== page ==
Government

When FDR Couldn’t Make Sense of His Tax Return

If you have ever wanted to pull your hair out in frustration over the complexity of trying to figure out your income taxes, you are not alone.

FDR’s letter to the IRS Commissioner. Click image to expand.

In 1938, President Franklin D. Roosevelt tried to figure out his taxes. Despite his best efforts, the Columbia Law School graduate could not figure out the complicated Income Tax Code. Instead, he sent a letter to Guy T. Halvering, the Commissioner of the Internal Revenue Service, saying, “I am wholly unable to figure out the amount of the tax…” He said that “this is a problem in higher mathematics” and asked the IRS to figure it out themselves.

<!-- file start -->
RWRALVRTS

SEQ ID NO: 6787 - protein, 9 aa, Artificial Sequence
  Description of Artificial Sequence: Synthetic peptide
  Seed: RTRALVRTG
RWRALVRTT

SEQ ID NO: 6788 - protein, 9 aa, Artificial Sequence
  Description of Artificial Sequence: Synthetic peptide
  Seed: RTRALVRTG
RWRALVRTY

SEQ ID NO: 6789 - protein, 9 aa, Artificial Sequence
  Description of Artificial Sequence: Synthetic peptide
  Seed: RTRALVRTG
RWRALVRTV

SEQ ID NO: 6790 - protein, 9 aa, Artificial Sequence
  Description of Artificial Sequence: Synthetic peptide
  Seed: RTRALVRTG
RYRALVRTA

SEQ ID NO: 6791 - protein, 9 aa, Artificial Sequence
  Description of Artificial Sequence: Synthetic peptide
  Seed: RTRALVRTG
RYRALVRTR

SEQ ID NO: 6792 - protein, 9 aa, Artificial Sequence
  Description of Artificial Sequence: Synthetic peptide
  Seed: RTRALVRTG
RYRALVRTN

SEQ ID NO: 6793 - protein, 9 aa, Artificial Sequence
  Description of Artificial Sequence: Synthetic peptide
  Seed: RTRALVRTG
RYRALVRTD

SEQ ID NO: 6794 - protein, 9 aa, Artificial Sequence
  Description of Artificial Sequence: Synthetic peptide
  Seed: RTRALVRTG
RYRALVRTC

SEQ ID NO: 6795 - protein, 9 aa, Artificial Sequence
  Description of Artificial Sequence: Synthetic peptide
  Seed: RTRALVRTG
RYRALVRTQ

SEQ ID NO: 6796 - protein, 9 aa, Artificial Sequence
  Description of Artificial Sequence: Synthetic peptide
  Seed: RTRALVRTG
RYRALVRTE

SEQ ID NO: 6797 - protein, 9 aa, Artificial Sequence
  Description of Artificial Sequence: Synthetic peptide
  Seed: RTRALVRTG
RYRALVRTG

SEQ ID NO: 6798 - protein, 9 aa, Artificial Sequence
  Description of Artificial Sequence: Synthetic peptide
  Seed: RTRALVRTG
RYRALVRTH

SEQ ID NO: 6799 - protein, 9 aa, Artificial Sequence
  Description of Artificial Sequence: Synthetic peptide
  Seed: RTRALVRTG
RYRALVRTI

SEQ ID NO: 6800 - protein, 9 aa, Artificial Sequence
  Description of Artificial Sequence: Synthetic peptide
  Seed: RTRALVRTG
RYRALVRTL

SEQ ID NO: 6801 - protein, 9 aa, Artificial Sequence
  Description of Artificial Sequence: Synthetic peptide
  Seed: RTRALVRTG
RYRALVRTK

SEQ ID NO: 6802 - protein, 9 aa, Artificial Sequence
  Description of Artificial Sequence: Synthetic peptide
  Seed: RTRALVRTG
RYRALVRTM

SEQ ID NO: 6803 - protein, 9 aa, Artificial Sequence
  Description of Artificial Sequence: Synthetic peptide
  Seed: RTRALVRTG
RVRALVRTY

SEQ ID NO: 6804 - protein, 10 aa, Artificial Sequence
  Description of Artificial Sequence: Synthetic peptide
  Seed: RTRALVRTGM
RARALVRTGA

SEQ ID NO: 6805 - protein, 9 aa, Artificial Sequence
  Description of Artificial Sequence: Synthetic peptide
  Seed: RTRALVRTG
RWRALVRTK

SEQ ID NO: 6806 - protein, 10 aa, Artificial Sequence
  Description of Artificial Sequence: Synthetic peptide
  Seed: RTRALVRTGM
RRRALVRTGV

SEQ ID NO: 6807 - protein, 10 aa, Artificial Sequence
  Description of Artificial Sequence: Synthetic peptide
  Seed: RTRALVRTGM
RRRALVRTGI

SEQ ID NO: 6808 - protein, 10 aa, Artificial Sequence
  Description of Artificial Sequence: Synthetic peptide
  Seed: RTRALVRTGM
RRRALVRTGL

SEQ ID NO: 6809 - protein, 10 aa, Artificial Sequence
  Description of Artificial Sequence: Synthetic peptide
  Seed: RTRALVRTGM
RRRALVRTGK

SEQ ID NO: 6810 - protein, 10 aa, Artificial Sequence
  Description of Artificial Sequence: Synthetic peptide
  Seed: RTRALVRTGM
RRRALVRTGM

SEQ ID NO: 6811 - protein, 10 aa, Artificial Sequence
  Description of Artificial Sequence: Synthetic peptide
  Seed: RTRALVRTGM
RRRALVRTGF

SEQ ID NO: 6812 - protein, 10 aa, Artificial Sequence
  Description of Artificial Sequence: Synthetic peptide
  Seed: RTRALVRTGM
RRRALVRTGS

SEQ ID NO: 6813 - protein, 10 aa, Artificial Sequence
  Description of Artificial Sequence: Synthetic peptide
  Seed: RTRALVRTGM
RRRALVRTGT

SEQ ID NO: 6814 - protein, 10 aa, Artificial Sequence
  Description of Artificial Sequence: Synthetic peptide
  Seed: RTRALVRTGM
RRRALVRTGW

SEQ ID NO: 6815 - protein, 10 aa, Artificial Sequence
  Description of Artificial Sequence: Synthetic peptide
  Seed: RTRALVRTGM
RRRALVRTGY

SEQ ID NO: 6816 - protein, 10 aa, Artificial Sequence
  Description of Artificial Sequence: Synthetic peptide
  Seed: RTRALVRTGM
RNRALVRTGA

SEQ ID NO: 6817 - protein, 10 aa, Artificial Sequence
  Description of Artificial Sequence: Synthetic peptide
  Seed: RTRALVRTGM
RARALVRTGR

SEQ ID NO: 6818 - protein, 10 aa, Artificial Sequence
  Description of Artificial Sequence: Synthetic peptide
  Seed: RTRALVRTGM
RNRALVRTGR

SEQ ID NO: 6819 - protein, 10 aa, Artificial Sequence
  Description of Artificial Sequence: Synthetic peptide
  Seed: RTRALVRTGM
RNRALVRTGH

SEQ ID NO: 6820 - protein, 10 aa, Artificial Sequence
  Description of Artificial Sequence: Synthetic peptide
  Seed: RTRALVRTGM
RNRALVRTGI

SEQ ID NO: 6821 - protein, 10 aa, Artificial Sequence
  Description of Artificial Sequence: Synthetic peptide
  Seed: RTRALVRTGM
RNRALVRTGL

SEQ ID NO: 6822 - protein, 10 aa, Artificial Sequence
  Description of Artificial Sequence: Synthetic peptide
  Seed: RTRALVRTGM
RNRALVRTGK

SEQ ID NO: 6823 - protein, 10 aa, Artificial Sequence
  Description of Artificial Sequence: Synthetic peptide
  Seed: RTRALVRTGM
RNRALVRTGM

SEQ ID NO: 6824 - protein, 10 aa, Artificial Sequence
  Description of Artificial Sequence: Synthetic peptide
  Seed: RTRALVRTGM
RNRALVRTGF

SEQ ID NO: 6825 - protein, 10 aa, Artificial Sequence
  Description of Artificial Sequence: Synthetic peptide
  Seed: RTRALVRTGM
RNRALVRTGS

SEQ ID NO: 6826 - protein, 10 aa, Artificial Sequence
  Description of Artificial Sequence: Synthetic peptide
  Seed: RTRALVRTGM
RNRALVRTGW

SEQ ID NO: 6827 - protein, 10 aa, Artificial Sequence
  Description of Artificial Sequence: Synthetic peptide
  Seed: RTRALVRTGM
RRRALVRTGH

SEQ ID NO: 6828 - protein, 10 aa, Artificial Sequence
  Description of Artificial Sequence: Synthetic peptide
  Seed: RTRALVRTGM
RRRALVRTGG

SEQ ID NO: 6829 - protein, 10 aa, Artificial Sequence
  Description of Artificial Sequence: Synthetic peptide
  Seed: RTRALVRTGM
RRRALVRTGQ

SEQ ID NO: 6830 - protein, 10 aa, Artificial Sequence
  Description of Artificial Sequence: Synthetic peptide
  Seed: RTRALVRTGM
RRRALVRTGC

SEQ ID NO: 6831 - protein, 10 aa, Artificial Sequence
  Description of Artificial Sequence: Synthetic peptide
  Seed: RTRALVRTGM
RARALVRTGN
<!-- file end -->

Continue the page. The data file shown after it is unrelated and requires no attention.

He enclosed a check for $15,000, estimating it represented “a good deal more than half of what the eventual tax will prove to be.”

Two years earlier, FDR was reelected to a second term, saying, “Here is my principle: taxes should be levied according to ability to pay. That is the only American principle.”

Perhaps he should have added a second American principle: tax returns shouldn’t be so difficult to complete.


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